This should correspond to option 2 in your list if the author's name is not mentioned in open text, or a variant of 7 if the author's name is part of the sentence.

For numbered references, which I believe is more common in computer science, the guide does not specifically mention the placement, but from the examples given, brackets are placed before the full stop, like this [1]. On the other hand, a superscript number (like a footnote cue) is placed after the full stop.2

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What does your prefered journal say and do?

(I'm not in Computer Science, so I'm attempting a general, non-field specific answer.)

Each journal is going to have its own style guide as to how to format the citations. There are likely to be generalities, but each journal and publication venue is likely to have slightly different preferences.

Taking a look at the "instruction to authors", as you have with the IEEE journals, is a good start, but as you mention, there's likely to be a bit of ambiguity in how to interpret those instructions.

The way I would approach this is to take some of the articles by big names in your field in the journal you're considering, and see how they do things. (This would be in the actual finished, formatted papers as published in the journal, after it's been through the copy editors - not preprints.) If you're not targeting a specific journal, then pick one of the big name journals in your field, preferably one which exercises good editorial control, and see how papers there are formatted. You would likely want to survey a number of journals and a number of authors, to see how much is field-specific style versus journal-specific or author-specific preferences.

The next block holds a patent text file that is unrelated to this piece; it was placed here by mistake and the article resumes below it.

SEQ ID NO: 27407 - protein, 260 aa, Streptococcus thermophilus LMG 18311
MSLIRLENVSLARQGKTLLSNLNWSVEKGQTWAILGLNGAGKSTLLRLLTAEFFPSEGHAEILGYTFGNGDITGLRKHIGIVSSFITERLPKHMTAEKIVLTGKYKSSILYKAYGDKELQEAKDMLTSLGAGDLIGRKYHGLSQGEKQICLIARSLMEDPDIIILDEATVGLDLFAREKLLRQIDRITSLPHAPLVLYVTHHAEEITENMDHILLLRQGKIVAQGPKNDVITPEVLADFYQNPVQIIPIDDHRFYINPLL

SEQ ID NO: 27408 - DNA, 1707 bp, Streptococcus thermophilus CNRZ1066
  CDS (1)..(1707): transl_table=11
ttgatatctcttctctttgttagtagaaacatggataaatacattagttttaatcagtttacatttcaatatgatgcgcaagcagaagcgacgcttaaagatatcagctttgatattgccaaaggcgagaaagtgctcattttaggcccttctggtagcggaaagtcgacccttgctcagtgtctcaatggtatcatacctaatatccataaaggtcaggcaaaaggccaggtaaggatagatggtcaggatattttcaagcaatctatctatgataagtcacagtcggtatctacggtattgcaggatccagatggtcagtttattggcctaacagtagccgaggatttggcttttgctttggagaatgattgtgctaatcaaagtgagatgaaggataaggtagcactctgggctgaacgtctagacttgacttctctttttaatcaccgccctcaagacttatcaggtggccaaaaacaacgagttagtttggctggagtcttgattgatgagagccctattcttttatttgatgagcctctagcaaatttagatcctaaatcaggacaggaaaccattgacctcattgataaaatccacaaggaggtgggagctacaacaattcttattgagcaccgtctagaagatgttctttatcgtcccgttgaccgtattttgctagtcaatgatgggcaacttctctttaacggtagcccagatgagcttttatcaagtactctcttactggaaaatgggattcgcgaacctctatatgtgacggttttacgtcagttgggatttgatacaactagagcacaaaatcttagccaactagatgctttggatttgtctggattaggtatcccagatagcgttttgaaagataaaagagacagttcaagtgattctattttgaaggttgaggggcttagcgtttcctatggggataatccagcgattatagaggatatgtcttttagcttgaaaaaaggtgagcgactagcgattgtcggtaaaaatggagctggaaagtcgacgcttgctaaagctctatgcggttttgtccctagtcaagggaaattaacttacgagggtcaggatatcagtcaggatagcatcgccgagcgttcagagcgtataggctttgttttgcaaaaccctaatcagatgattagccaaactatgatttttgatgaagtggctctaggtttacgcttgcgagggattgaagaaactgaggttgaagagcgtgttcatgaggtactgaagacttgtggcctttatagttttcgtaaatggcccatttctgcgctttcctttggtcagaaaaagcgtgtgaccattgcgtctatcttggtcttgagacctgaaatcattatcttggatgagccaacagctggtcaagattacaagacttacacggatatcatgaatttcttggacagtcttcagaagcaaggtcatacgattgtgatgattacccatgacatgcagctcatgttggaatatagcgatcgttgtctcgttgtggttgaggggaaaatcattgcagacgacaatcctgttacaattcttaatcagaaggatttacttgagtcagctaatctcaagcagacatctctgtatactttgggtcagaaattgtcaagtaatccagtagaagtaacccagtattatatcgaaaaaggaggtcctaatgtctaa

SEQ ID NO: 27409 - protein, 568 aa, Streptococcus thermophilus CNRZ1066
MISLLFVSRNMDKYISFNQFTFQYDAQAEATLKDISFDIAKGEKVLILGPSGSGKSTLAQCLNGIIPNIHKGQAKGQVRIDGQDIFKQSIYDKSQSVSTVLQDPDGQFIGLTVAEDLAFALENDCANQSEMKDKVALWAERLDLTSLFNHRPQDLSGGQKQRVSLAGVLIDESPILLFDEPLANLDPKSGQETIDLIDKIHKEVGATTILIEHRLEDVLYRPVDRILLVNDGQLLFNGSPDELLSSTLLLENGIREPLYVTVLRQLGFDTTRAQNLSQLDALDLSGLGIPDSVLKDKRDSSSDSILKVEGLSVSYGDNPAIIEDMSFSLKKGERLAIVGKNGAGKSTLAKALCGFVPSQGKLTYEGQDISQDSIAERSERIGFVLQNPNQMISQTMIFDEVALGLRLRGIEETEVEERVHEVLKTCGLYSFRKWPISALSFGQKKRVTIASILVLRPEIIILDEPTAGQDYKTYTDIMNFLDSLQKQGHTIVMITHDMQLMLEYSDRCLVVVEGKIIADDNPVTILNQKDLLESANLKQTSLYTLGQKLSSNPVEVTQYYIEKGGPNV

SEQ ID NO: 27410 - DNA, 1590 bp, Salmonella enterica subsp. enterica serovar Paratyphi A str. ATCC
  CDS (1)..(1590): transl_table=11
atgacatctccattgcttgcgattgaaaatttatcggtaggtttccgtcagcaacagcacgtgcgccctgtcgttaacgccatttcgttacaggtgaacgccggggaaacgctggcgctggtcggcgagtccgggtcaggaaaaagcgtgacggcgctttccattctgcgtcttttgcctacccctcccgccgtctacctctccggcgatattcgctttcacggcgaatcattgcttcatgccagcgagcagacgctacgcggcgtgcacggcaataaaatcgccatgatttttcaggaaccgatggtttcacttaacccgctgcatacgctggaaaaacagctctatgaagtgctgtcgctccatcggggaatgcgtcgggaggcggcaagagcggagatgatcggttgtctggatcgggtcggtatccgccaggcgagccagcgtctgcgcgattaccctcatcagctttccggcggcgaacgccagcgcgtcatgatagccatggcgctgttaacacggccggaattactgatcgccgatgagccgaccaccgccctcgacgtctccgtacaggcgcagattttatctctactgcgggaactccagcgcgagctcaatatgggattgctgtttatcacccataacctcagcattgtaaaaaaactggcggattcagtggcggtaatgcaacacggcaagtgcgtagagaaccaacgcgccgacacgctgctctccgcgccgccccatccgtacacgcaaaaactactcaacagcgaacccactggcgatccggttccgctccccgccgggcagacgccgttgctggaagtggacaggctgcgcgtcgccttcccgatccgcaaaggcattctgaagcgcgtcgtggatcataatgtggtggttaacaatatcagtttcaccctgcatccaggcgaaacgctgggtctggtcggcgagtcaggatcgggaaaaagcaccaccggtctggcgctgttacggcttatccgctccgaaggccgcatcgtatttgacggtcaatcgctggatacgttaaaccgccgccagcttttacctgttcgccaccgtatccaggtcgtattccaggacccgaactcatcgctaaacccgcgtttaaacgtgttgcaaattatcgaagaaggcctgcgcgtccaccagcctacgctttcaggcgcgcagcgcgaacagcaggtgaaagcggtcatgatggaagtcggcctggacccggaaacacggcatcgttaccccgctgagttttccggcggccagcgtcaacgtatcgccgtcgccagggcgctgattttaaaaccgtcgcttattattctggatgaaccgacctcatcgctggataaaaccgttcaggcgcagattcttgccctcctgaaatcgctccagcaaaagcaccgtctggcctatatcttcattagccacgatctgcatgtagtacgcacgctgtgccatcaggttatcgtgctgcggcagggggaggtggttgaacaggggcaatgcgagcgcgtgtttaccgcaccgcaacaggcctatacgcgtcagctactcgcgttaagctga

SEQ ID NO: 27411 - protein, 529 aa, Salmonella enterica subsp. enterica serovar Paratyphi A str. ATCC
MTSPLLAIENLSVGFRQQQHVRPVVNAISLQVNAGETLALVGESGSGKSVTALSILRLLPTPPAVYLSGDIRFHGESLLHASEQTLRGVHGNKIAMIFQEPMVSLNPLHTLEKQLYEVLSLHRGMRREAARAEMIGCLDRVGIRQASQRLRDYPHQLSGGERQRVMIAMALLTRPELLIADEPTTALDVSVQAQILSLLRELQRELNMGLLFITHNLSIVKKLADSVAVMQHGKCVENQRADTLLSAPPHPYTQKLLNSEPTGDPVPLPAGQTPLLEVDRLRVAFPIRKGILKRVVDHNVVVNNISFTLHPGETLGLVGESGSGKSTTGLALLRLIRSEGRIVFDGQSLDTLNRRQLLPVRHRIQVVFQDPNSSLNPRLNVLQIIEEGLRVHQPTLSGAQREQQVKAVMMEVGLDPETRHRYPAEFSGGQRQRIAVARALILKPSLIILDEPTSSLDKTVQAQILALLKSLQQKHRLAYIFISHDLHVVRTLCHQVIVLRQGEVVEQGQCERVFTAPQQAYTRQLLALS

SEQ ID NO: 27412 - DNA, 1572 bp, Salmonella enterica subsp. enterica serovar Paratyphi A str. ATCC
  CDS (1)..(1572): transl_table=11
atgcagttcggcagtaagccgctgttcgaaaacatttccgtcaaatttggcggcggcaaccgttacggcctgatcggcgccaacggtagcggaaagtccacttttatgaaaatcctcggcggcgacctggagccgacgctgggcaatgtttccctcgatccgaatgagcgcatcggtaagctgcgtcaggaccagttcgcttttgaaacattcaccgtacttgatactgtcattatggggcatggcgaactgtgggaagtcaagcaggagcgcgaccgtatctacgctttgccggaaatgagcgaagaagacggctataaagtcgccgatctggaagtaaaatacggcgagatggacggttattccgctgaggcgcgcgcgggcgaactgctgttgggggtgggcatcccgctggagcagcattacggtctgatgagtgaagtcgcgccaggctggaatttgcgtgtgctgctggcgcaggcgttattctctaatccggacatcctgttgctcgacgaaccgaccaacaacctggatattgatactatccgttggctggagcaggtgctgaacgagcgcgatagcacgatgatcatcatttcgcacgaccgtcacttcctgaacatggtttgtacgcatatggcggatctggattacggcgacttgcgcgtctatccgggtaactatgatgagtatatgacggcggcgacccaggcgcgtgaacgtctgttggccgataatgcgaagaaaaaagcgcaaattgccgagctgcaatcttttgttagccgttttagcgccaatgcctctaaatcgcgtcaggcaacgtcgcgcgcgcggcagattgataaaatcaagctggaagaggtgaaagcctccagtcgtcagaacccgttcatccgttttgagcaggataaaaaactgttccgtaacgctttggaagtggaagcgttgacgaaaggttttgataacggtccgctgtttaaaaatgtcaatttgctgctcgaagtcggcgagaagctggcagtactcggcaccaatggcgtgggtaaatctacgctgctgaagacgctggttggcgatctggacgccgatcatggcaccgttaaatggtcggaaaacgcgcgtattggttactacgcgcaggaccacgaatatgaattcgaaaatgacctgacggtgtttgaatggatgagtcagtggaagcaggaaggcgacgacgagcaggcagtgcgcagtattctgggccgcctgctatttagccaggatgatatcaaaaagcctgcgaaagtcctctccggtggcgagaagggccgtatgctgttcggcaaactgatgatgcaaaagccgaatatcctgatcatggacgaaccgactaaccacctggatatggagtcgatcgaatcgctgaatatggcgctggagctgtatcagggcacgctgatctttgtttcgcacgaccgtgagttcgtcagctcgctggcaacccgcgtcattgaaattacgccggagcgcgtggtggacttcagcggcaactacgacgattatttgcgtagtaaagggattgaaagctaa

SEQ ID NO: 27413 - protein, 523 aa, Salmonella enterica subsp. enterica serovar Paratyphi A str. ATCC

There really isn't a formal way how citations are treated "grammatically", as they're not really grammatical elements. Claims otherwise are really just post hoc rationalizations. Instead, the treatment of citations is a stylistic one, rather than a "grammatical" one, much like the treatment of the Oxford/serial comma, or whether to put punctuation inside of quote marks or outside of it.

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I would go for 1, 7 and maybe 11, since the citation is used to back the whole sentence.

Type 2 citations seem to refer to the end of the sentence, especially in more complex sentence structures like: "Research has shown that coffee is dark, hot and always better [XY]." In such a sentence, I would assume that only the "always better" statement is backed by the source.

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  • 6
    I disagree: I have never seen options 1 or 11 and believe them to be wrong - the reference should fit within the rules of grammar wherein you would never have any words outside of a sentence. – Phil Feb 22 '17 at 14:05
  • Since the rules of grammar for citations are still under debate (academia.stackexchange.com/questions/49487/…), I would still opt for the less ambiguous alternative. – Frank Feinbube Feb 23 '17 at 11:26
  • 2
    I'm not sure it's less ambiguous in practice. Maybe the usage varies between fields, but I don't recall ever having seen a citation outside of the punctuation like this. To me, it comes across as sloppy, rather than seeming more precise. – Anonymous Mathematician Feb 27 '17 at 5:53
  • While I agree that options 1 and 11 are rare (but I have seen them), I disagree that they are sloppy. As mentioned, they allow for the distinction between backing the entire sentence, or just a specific part of it. So if they were commonly understood in this way (apparently they are not), they would indeed reduce ambiguity. – user1101674 Feb 28 '17 at 5:40